1777 Tasting Notes
Brewing this in my yixing, which is thankfully seeing more use than it was a week ago. Unfortunately, I realized that the glue on one corner of my tea tray has been splitting, due to the hot water, and pu’erh has been seeping through the seams. Thank goodness for a tile countertop being underneath. Still…
These infusions were very loosely timed. The first one was supposed to be for twenty seconds, but I think it ended up at about thirty. The tea is not incredibly dark; despite a rinse of a couple of seconds, I think the leaves are still awakening. The tea does not smell too rich, but there are some cocoa notes with the earthiness. It tastes very smooth, if a little less intense than I would expect, but this was only the first steep. As I sip this steep, I already started and completed brewing the second steep. The cup finishes with some dark chocolate/cocoa notes.
Steep two is darker in appearance. The flavor has deepened a bit but not quite as far as I usually enjoy. I think I will run the third steep for forty-five seconds to a minute, rather than just adding ten to fifteen seconds. This one was steeped for thirty.
Third steep for a minute – dark and delicious. Still very smooth, not super earthy.
We shall see how long this can go.
Trying a new blend from DavidsTea with the hope that it will help these allergies. Making this back-to-back with a pot of DavidsTea Bravissimo.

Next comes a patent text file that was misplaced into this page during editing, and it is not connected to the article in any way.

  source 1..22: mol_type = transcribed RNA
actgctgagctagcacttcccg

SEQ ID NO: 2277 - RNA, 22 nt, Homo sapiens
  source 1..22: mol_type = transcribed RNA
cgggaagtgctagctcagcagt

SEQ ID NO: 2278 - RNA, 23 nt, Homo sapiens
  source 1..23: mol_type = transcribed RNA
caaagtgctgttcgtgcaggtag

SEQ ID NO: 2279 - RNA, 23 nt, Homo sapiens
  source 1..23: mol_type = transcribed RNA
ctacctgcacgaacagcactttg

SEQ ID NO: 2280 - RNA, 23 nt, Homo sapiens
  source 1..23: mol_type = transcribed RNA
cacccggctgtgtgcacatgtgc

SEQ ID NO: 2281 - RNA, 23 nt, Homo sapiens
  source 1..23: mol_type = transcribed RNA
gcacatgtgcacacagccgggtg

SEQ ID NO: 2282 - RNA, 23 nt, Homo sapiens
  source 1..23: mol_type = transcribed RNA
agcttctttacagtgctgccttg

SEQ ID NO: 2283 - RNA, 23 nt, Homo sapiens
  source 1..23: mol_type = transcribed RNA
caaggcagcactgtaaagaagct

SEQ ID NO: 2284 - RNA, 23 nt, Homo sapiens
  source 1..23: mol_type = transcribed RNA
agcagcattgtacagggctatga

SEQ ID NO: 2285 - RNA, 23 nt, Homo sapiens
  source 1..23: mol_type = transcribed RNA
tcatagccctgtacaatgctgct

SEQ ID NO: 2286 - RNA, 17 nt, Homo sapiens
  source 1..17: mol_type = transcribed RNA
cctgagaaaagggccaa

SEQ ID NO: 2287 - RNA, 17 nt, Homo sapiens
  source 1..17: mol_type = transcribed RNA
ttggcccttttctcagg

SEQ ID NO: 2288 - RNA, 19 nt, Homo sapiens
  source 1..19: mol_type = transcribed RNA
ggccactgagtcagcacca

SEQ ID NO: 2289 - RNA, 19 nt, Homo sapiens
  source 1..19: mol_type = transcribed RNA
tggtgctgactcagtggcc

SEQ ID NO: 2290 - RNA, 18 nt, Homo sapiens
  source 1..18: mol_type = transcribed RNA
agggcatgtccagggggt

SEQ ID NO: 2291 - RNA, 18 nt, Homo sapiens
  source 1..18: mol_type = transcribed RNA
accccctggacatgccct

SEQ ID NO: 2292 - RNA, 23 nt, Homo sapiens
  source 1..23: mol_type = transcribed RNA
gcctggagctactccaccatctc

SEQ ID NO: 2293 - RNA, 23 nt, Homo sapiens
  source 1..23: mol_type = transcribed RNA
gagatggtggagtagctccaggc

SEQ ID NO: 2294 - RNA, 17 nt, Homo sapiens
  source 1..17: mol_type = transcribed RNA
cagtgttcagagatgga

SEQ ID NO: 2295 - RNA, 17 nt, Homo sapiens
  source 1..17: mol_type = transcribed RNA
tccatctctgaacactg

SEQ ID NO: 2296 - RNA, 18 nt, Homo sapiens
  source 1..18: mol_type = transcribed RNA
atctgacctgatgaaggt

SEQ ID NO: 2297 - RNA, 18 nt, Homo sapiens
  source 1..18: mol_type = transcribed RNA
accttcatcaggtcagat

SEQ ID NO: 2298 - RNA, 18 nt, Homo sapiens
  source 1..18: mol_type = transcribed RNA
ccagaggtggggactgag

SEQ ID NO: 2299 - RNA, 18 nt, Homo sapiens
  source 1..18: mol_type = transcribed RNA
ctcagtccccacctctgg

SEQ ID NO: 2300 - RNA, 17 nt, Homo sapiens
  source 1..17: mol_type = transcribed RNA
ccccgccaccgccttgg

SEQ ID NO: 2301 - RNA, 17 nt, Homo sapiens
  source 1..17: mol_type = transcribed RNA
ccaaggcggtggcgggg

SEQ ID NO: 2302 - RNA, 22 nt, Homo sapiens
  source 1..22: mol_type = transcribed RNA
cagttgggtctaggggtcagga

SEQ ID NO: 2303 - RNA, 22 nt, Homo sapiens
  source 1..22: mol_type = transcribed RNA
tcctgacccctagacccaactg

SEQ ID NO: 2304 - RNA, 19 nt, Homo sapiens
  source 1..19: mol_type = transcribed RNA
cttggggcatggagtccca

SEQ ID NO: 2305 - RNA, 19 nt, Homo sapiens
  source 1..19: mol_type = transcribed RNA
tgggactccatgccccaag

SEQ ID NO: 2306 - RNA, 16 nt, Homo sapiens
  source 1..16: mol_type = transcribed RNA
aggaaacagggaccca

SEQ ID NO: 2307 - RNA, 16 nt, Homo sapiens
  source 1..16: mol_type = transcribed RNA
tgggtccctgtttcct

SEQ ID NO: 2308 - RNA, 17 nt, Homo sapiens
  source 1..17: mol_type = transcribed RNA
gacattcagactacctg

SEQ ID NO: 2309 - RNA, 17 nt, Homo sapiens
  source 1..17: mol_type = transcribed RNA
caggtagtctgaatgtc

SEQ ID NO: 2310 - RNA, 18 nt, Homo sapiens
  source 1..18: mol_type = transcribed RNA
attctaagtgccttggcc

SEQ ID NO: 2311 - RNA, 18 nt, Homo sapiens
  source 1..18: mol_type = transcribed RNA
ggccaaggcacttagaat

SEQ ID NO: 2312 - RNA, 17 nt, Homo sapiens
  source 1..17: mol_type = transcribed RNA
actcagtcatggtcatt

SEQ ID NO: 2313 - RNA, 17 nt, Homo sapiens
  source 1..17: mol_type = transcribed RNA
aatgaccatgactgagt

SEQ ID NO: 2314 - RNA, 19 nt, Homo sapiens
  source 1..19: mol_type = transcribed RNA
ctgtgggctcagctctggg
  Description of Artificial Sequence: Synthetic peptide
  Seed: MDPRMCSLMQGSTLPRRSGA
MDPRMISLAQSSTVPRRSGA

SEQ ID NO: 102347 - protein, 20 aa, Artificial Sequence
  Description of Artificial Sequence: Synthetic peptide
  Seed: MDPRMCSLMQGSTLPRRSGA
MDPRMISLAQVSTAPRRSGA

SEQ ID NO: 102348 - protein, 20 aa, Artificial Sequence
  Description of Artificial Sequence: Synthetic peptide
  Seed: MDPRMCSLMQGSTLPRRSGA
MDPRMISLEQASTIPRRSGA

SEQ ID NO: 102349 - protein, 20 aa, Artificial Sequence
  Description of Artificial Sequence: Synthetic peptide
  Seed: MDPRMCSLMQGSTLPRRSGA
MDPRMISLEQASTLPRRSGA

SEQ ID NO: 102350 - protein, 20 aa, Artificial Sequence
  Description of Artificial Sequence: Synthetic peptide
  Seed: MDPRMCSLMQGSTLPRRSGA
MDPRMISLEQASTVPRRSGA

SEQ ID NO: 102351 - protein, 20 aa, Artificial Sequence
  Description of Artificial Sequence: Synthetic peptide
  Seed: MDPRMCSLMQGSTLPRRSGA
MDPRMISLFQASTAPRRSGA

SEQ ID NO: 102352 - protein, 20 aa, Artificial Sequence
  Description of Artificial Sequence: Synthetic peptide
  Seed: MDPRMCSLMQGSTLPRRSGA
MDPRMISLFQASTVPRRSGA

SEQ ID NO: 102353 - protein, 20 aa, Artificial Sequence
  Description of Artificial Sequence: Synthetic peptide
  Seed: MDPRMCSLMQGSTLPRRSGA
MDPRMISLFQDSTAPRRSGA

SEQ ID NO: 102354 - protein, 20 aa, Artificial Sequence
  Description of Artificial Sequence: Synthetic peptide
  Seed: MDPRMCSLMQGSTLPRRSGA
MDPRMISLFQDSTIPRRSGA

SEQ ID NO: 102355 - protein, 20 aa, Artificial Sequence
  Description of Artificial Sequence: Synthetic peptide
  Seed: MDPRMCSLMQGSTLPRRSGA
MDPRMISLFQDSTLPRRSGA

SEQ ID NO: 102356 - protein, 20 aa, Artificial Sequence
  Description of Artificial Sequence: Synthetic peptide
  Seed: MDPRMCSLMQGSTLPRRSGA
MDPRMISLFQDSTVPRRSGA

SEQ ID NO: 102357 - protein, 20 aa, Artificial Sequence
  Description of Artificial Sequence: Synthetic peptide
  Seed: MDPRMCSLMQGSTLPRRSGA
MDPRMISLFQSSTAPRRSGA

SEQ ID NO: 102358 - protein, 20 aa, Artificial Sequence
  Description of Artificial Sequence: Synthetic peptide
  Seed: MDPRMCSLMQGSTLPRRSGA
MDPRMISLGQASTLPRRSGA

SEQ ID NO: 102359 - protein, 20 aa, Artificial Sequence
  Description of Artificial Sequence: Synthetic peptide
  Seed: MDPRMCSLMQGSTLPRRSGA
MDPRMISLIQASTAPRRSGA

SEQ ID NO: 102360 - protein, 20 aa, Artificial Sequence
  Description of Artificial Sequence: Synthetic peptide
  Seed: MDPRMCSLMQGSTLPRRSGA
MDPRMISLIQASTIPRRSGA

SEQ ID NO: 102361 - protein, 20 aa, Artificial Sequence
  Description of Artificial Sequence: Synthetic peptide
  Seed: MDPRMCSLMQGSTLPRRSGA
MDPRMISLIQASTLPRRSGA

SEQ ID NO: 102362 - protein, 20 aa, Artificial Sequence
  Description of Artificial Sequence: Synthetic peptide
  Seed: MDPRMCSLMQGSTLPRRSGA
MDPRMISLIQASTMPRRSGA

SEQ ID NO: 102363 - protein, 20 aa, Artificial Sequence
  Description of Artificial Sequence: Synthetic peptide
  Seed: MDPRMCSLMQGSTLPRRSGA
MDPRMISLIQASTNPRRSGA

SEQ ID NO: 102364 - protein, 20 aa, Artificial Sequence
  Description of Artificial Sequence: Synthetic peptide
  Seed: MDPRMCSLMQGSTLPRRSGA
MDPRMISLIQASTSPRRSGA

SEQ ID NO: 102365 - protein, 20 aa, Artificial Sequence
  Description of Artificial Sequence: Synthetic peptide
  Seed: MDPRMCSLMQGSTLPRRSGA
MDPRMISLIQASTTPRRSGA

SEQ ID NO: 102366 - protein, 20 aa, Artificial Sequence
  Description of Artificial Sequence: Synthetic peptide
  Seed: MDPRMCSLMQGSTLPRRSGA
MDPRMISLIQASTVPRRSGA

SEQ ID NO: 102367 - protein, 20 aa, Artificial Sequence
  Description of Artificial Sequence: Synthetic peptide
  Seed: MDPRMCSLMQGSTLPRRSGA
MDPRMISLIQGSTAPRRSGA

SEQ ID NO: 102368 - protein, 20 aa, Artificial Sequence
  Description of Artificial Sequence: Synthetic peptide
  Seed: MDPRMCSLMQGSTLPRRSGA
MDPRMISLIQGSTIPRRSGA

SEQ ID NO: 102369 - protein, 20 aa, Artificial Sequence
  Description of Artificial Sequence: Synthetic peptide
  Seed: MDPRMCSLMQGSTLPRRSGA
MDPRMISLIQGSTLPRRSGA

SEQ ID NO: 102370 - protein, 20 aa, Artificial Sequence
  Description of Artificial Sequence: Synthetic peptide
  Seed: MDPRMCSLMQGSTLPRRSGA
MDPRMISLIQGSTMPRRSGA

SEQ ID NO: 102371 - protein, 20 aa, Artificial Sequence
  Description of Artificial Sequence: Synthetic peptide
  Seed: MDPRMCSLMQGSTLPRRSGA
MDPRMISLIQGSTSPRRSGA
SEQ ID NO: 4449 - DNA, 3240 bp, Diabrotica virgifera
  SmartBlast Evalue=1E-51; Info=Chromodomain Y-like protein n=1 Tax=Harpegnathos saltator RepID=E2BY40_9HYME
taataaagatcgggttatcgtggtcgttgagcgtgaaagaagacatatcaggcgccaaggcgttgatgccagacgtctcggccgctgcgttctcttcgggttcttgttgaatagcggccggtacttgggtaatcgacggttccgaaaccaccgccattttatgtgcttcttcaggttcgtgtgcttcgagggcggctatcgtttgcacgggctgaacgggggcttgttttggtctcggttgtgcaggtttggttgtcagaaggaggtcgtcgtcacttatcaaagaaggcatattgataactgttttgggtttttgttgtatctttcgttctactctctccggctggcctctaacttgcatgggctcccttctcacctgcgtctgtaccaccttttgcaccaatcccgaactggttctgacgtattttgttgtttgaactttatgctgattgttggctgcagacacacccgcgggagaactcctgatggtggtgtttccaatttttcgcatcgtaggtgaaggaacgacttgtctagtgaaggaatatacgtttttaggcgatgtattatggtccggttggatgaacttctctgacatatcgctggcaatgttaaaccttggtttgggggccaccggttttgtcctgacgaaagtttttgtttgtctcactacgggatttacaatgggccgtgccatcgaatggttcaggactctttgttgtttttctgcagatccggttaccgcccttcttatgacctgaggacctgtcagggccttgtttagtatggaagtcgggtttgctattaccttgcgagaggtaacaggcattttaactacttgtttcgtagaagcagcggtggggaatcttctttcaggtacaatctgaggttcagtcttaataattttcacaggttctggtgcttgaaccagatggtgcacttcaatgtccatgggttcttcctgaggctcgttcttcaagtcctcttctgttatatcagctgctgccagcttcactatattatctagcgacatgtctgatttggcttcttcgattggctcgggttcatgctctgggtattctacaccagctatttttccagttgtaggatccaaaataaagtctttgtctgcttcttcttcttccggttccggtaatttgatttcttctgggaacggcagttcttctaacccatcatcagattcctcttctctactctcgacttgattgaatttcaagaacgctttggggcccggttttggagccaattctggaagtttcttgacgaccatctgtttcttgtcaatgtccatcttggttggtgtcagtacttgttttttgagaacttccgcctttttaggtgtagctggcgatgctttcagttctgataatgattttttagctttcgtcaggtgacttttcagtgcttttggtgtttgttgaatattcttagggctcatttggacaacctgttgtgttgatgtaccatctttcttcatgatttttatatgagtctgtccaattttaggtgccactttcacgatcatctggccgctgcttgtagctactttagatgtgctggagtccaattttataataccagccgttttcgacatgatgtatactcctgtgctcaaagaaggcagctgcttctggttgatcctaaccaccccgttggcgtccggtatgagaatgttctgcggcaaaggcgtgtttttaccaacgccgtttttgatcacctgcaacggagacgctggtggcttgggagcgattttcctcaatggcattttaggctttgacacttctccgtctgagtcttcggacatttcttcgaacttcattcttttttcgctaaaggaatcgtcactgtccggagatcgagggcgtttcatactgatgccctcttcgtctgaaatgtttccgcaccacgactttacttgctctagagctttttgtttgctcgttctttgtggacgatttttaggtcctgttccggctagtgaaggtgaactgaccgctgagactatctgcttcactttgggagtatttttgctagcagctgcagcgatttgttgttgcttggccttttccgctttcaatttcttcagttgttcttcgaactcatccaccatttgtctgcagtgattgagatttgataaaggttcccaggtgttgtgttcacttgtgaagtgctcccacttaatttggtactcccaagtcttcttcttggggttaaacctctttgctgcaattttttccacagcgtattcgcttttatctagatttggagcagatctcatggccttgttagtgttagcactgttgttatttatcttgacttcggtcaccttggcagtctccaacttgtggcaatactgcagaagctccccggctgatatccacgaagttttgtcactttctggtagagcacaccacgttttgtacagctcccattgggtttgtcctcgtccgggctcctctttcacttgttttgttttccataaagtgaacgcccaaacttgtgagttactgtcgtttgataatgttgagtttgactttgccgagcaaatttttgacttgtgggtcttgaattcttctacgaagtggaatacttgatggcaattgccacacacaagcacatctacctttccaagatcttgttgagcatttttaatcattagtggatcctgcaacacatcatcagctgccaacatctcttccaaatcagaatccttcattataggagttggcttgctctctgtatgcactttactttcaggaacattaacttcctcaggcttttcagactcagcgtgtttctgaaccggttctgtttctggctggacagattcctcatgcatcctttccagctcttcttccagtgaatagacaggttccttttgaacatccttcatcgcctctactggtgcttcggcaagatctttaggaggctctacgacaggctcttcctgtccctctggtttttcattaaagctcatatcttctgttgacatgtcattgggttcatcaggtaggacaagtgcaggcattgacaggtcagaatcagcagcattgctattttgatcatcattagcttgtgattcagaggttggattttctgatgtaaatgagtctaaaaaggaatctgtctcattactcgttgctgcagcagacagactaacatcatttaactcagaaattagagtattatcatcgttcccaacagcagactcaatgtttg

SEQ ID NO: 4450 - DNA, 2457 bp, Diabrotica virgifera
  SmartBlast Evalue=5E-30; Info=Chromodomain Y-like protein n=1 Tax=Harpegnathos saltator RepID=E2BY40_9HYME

It smells more like cocoa nibs than the almonds or licorice it claims to have. Well…taking another sniff…maybe peanuts? Strange.
Fruity taste and…almonds? cocoa? It is hard to tell exactly what is going on in this tea.
For being a fake-aged shou pu’erh, this was not bad at all!
(Yes, they even say it on their website: “This particular tea is part of the new school of pu’erh production. Called a “cooked” (shou) pu’erh, it’s heated and fully dried to simulate aging.” Note: “simulate.”)
The price is really good, too. It certainly does not quite have the same earthiness as a true, aged-underground, shou would, but they have done a good job of emulating a 6- or 8-year aged pu’erh.
The aroma of the tea is similar to a normal shou pu’erh, though the aroma of the wet leaves differs a bit, probably due to the lack of true earthiness.
In terms of resteepability, it is decent, though not amazing, but I was not expecting a whole load of steeps, so getting four decent steeps from a gong fu session with a gaiwan was good.